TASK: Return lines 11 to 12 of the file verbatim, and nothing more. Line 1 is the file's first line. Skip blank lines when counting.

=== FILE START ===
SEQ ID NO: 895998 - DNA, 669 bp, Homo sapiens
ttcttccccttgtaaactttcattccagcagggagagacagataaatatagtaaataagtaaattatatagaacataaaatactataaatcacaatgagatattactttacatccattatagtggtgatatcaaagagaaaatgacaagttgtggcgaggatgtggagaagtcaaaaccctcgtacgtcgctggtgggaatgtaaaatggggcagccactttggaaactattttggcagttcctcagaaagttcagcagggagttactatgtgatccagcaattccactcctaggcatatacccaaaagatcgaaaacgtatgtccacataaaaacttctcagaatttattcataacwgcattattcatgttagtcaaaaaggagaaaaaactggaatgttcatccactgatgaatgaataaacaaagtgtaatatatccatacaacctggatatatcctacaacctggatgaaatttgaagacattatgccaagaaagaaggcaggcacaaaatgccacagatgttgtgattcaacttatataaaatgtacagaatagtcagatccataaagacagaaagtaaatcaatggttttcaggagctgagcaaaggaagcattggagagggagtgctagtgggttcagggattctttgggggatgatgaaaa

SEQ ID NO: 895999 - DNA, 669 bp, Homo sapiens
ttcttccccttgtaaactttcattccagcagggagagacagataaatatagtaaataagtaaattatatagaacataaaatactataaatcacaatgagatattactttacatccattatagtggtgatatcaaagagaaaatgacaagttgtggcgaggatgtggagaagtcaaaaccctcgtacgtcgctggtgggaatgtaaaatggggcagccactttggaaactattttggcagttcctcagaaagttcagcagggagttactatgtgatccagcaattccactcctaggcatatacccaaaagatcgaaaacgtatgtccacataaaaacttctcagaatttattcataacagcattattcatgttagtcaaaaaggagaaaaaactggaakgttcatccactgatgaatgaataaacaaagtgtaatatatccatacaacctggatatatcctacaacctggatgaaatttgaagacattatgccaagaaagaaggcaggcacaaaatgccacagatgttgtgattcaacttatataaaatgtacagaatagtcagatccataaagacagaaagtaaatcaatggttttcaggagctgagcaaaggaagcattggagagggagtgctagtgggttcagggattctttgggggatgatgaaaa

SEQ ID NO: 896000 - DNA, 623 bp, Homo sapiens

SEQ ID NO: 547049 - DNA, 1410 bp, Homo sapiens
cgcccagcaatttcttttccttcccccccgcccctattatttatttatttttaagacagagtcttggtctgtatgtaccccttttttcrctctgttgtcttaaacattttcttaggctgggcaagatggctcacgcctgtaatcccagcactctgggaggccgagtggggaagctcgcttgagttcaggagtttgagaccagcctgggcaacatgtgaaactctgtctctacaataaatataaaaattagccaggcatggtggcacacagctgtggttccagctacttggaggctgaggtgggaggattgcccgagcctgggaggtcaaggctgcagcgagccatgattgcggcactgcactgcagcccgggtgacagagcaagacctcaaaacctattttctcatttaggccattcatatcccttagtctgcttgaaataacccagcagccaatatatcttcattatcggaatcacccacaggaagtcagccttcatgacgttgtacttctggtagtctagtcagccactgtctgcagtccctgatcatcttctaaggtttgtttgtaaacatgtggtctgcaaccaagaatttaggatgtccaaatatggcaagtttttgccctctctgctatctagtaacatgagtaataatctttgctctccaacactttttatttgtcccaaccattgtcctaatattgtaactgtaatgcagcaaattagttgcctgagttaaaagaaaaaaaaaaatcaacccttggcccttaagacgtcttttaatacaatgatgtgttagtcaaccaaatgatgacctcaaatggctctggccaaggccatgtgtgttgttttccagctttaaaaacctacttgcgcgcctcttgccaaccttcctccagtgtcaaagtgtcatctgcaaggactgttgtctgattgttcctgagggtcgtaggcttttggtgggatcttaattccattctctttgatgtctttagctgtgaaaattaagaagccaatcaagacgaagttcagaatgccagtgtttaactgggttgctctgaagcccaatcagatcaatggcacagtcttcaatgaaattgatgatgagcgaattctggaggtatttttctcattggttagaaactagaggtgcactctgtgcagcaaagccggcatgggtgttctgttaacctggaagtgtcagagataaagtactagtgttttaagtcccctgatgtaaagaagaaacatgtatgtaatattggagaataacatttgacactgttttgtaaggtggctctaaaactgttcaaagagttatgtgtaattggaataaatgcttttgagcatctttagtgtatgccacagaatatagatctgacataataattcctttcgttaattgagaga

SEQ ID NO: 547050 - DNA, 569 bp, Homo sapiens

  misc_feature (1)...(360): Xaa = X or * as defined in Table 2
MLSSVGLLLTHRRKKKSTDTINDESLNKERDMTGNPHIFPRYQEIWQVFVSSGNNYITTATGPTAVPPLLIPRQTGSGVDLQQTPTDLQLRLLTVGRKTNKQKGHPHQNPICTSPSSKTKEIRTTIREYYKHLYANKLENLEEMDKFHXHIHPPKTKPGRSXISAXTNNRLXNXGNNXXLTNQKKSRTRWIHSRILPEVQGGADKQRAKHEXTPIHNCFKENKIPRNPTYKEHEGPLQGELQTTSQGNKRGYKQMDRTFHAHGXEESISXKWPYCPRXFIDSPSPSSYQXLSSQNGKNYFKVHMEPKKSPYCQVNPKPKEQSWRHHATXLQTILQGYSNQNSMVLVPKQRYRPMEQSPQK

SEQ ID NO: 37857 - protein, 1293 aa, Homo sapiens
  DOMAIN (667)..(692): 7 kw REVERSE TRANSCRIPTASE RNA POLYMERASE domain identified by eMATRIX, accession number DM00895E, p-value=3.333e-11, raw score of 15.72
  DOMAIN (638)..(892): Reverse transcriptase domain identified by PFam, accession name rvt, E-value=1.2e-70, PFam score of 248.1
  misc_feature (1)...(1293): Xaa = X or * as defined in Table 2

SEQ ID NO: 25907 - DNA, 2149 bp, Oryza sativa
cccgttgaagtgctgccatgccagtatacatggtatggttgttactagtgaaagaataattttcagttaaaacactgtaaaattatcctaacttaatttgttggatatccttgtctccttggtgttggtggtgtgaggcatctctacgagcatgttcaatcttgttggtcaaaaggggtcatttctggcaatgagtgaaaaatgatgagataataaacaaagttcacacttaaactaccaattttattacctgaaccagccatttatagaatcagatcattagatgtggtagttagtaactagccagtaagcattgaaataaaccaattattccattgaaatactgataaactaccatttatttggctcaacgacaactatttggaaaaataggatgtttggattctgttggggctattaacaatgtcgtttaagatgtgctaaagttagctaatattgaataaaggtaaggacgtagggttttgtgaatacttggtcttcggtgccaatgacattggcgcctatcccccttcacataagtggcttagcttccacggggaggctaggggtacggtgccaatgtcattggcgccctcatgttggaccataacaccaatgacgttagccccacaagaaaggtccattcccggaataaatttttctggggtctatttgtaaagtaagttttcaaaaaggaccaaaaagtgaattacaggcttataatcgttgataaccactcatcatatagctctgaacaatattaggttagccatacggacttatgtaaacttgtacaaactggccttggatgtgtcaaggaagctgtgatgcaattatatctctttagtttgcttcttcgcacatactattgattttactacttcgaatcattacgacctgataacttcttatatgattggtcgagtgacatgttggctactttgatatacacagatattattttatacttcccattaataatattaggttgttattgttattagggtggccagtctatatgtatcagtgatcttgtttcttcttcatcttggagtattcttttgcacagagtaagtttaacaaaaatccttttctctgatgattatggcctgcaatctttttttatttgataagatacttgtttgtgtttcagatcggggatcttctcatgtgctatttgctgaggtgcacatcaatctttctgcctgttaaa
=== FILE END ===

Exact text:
SEQ ID NO: 37857 - protein, 1293 aa, Homo sapiens
  DOMAIN (667)..(692): 7 kw REVERSE TRANSCRIPTASE RNA POLYMERASE domain identified by eMATRIX, accession number DM00895E, p-value=3.333e-11, raw score of 15.72